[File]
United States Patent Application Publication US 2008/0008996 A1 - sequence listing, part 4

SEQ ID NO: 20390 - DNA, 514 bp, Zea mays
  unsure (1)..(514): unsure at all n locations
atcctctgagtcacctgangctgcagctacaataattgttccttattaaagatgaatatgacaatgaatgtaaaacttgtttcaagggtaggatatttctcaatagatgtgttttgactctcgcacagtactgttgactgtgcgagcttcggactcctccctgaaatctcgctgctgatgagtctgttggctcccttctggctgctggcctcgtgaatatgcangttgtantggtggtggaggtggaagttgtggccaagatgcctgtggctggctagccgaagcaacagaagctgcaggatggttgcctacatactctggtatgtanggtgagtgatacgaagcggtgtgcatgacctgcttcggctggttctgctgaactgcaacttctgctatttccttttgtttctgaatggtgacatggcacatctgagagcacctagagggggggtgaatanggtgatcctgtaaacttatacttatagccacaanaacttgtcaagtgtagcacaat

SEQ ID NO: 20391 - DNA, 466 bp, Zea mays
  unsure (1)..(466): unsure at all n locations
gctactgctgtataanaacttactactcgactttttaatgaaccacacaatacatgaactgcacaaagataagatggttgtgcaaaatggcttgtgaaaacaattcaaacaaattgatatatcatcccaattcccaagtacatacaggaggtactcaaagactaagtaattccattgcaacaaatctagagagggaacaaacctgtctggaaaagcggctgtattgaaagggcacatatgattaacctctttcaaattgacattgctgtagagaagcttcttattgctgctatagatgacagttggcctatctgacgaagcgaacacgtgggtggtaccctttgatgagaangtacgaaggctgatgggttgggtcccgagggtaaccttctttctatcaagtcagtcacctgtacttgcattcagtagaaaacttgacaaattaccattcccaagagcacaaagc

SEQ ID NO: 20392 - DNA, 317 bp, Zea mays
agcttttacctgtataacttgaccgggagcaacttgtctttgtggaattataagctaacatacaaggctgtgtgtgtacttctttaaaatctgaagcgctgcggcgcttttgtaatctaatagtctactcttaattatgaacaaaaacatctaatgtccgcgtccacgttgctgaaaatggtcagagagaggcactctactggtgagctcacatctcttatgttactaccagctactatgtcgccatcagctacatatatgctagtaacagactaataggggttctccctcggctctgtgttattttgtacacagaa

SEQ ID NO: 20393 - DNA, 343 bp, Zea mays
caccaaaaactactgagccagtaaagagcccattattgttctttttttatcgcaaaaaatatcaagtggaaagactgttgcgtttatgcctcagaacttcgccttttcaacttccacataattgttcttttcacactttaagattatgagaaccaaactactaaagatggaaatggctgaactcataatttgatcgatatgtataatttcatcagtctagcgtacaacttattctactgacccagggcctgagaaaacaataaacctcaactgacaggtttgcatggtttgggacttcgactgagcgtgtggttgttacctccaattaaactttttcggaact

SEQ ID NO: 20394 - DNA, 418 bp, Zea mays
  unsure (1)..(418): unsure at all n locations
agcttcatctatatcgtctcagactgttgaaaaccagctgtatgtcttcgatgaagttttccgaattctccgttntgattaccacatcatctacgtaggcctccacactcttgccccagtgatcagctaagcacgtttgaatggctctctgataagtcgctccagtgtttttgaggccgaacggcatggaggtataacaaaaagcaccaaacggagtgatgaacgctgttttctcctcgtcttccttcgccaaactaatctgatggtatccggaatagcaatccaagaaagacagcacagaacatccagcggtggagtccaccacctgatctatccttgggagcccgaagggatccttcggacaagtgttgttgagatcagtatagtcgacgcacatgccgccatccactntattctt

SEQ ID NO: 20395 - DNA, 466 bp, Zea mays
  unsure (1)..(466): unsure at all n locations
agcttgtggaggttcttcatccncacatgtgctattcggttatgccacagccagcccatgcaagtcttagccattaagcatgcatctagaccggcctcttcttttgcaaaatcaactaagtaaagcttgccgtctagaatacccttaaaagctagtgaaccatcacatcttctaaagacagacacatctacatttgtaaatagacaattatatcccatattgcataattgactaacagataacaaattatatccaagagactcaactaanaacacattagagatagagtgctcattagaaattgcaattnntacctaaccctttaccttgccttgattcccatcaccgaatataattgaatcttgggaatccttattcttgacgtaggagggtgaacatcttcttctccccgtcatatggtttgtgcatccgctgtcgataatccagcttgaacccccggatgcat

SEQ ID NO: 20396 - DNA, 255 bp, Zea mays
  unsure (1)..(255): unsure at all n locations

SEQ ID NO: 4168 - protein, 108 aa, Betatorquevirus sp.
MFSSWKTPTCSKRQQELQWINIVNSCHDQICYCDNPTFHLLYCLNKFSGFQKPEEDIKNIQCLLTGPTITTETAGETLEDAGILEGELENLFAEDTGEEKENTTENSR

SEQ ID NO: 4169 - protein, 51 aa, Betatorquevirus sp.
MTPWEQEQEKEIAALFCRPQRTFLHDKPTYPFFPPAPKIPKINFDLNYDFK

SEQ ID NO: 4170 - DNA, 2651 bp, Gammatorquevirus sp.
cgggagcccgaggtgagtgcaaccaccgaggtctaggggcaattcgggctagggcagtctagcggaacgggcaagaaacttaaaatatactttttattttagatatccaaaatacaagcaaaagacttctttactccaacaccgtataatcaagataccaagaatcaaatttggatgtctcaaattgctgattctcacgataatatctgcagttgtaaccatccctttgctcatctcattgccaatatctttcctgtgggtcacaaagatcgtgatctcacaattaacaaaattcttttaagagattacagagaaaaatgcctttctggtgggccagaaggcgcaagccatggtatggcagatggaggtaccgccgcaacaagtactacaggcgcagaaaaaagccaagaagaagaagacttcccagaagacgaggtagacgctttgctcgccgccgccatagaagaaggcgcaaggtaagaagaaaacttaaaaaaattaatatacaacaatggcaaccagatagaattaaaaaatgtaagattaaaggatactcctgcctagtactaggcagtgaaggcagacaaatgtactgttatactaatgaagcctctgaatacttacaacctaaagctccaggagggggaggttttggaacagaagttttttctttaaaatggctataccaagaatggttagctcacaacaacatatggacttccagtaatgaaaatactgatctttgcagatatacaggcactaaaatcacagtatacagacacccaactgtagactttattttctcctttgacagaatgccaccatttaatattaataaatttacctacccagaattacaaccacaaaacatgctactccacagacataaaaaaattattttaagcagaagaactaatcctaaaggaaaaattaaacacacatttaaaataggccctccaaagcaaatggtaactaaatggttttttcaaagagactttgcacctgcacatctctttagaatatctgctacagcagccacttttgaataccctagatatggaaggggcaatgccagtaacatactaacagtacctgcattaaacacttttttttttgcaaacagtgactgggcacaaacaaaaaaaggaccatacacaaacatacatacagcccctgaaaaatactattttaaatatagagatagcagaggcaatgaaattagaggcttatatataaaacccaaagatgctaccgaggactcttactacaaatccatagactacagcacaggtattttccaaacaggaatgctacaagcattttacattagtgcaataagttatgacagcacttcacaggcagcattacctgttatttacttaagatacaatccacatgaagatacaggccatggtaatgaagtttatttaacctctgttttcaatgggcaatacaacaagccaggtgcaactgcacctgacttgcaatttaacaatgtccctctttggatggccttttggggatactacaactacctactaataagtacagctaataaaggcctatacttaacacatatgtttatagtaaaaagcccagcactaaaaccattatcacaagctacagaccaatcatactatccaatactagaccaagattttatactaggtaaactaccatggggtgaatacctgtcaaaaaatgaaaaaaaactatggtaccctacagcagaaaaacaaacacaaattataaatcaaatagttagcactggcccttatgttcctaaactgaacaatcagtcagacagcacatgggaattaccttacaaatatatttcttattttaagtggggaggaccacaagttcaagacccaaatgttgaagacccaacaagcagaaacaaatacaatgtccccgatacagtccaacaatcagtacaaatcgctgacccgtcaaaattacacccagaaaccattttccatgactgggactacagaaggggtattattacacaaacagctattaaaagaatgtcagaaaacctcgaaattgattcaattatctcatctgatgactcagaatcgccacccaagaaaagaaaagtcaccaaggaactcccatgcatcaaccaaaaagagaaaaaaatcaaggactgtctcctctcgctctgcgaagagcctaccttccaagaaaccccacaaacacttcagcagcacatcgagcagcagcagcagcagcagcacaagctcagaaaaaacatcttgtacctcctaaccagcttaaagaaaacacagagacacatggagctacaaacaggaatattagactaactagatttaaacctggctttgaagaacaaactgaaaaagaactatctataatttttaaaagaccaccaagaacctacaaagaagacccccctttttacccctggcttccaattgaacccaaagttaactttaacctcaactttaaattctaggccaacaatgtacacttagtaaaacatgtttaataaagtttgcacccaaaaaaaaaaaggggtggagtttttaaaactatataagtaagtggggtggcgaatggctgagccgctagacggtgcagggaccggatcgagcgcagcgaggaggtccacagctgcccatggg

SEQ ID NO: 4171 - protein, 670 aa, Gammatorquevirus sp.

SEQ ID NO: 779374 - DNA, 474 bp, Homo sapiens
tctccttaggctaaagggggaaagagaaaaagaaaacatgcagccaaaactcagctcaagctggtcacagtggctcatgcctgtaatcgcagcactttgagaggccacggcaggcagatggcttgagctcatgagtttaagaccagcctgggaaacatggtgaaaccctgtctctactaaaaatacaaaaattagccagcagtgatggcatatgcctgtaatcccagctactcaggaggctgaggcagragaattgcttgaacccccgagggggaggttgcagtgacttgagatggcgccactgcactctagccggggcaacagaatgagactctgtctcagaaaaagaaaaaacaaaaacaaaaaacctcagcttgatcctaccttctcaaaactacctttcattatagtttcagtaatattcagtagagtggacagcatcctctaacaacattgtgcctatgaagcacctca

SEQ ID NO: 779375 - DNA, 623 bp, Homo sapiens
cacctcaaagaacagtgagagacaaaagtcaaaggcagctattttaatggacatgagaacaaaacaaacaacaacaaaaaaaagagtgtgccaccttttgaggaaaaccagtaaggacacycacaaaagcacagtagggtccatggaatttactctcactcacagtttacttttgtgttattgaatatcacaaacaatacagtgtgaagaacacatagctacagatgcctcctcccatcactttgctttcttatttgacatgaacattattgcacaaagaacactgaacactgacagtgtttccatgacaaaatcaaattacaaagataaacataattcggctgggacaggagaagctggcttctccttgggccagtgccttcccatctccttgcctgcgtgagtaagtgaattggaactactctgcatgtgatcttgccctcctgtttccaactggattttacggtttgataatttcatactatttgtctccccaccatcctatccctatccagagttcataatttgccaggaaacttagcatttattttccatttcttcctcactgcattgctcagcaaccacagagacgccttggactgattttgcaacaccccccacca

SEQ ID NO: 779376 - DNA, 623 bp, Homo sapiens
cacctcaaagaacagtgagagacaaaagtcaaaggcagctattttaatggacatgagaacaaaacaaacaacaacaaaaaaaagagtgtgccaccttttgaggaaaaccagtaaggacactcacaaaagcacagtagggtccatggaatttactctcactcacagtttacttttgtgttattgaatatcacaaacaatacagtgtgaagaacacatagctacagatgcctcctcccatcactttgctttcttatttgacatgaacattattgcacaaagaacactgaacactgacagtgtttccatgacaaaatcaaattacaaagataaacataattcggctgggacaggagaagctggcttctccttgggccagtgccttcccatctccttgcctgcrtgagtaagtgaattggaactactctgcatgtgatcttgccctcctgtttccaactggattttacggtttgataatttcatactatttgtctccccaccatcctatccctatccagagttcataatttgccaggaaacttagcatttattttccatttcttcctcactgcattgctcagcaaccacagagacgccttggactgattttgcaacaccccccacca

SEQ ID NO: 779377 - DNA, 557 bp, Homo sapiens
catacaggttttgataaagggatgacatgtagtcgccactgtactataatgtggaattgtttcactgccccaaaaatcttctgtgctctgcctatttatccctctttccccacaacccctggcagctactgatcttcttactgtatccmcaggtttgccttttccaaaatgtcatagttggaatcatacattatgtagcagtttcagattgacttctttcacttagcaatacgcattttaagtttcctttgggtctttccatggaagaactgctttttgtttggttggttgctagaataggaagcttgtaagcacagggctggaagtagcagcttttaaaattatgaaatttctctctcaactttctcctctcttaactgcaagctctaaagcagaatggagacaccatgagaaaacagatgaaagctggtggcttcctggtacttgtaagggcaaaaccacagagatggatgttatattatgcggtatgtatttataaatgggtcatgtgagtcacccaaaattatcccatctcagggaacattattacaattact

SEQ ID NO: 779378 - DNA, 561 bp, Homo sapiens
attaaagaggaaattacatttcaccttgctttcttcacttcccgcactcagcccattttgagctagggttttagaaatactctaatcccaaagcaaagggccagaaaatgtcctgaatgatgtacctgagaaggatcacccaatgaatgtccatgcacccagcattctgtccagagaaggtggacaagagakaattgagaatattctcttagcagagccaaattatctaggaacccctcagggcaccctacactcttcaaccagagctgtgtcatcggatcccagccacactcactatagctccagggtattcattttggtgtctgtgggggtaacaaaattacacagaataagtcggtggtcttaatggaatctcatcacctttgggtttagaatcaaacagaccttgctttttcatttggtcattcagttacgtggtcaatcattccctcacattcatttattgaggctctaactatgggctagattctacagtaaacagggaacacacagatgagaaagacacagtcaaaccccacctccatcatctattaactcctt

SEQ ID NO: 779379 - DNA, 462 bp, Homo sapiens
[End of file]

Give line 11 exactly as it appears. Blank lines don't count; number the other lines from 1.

caccaaaaactactgagccagtaaagagcccattattgttctttttttatcgcaaaaaatatcaagtggaaagactgttgcgtttatgcctcagaacttcgccttttcaacttccacataattgttcttttcacactttaagattatgagaaccaaactactaaagatggaaatggctgaactcataatttgatcgatatgtataatttcatcagtctagcgtacaacttattctactgacccagggcctgagaaaacaataaacctcaactgacaggtttgcatggtttgggacttcgactgagcgtgtggttgttacctccaattaaactttttcggaact